“In common with many other organisations, it has been affected by reduced investment returns as a result of the downturn, the expectation of lower returns in future as well as improvements in life expectancy rates generally.” a spokesman for the bank said
Those who do not want to contribute will be offered a lower benefit based on 1/80 of salary rather than 1/60 for those who put in money. The bank has also cut the annual increases for benefits accrued after April 2012, switching to the lower Consumer Prices Index rather than the Retail Prices Index. This measure will be capped at 5%.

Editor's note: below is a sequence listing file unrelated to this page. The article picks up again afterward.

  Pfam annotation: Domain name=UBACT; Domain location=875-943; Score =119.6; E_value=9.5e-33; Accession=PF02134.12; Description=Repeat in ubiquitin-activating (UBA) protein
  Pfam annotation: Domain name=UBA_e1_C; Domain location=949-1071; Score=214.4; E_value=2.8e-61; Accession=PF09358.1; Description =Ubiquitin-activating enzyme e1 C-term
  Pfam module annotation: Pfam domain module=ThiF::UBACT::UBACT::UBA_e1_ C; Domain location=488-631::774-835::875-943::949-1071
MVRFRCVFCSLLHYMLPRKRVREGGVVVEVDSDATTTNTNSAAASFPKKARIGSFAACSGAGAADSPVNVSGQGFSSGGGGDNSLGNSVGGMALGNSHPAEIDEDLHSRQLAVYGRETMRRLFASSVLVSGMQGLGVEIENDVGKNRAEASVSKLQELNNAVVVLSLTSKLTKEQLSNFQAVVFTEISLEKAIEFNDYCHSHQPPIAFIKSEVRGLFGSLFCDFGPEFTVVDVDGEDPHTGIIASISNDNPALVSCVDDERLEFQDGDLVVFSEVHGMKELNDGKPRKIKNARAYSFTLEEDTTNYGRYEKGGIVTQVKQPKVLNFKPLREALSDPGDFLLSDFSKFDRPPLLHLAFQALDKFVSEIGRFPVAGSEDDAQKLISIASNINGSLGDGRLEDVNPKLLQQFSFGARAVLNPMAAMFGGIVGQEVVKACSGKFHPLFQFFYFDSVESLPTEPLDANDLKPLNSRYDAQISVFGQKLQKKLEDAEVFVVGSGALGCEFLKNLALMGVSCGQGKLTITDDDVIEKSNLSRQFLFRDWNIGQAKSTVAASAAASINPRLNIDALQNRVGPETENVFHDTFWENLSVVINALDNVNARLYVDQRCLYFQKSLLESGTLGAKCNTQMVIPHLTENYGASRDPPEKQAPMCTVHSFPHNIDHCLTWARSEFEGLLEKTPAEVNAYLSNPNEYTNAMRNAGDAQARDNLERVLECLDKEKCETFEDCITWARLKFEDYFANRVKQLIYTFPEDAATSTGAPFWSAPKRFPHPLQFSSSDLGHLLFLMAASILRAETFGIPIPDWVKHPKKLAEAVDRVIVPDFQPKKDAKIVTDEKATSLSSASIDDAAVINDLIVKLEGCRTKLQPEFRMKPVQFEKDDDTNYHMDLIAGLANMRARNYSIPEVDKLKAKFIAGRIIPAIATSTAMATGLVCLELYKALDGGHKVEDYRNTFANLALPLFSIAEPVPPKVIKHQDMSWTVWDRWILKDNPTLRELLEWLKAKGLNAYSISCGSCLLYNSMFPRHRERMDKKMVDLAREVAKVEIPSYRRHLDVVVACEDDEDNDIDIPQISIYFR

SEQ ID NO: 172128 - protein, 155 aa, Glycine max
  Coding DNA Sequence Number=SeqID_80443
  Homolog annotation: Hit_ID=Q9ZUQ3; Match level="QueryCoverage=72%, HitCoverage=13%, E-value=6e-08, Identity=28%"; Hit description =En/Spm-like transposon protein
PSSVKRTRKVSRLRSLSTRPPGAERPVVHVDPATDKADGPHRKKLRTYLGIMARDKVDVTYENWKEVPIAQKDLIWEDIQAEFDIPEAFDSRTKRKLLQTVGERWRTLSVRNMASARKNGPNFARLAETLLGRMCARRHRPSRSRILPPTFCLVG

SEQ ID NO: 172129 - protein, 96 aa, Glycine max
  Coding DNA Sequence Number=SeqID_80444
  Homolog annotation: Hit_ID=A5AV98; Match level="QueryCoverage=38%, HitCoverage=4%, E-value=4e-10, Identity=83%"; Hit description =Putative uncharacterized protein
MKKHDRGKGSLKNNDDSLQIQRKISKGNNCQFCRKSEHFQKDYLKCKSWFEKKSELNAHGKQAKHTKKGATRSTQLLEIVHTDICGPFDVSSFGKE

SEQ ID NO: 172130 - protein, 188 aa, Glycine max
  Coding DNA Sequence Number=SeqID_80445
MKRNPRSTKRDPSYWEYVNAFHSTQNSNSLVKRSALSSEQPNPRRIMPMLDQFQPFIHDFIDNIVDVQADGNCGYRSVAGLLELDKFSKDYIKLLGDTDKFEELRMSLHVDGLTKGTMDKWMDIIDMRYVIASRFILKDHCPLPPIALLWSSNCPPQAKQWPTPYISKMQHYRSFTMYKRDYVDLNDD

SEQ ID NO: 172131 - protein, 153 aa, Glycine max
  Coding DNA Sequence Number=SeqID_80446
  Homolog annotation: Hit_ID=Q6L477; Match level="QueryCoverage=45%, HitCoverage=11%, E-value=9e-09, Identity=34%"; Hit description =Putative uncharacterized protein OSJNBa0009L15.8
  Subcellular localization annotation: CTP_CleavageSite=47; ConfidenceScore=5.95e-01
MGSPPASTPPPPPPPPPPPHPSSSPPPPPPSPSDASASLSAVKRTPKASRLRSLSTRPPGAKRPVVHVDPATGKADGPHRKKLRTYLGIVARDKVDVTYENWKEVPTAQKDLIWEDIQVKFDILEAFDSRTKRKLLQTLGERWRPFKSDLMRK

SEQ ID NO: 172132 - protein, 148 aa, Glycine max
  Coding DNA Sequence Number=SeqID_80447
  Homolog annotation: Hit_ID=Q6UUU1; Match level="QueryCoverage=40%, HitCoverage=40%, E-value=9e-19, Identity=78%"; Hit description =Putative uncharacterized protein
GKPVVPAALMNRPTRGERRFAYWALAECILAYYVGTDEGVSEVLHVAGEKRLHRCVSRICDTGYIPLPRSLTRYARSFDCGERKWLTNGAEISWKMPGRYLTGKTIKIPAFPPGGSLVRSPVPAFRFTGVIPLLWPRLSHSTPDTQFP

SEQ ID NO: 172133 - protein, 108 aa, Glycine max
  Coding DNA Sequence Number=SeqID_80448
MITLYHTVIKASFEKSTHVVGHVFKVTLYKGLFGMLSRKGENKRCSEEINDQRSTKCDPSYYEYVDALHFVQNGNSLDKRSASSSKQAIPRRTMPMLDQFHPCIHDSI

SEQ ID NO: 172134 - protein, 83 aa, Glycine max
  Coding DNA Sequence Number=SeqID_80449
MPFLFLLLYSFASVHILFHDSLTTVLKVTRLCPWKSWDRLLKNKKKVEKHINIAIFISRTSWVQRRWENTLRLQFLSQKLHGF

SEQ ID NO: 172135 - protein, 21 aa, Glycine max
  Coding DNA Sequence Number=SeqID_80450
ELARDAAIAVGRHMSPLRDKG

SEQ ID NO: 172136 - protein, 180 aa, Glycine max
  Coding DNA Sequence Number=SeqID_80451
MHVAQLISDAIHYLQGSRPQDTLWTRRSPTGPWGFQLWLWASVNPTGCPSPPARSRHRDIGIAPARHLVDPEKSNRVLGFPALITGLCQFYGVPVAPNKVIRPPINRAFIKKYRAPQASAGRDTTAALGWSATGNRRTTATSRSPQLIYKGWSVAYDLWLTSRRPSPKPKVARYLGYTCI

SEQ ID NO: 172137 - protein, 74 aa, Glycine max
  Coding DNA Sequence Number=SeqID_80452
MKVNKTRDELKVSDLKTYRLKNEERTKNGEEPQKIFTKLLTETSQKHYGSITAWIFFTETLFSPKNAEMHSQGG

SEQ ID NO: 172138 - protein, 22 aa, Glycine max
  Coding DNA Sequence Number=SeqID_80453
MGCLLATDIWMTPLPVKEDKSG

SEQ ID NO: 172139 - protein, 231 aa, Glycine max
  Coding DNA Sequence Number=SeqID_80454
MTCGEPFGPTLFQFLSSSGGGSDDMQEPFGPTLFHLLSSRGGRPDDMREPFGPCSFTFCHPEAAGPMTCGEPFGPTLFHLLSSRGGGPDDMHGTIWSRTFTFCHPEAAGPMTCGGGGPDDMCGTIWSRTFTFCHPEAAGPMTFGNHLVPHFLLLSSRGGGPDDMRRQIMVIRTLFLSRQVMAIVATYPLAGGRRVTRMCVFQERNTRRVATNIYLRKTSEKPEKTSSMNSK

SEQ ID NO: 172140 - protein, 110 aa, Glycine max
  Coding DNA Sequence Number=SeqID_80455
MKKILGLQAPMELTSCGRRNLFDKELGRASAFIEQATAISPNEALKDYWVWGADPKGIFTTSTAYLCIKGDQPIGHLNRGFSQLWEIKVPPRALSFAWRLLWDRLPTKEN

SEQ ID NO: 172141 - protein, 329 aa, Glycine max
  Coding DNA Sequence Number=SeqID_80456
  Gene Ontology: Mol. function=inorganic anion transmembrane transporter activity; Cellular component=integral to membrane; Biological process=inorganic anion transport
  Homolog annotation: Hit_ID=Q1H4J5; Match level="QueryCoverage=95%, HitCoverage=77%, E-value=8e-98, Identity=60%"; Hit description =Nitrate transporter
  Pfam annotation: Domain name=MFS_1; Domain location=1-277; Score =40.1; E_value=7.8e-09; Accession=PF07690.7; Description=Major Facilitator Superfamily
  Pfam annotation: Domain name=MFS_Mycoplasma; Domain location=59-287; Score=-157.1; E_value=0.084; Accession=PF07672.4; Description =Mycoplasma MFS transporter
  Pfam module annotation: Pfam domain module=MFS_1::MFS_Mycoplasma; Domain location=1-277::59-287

And for the bank executives? Unite union said the people being hit by the latest "substantial" changes "are not wealthy bankers, but frontline banking staff who serve customers in call centres and bank branches". Unite's national officer David Fleming said the move would "trigger hardship for employees" and was a "real blow". He said it was wrong "to introduce changes that will require staff at National Australia Bank to ultimately make a 9 per cent contribution, over three years, when household budgets are already extremely stretched."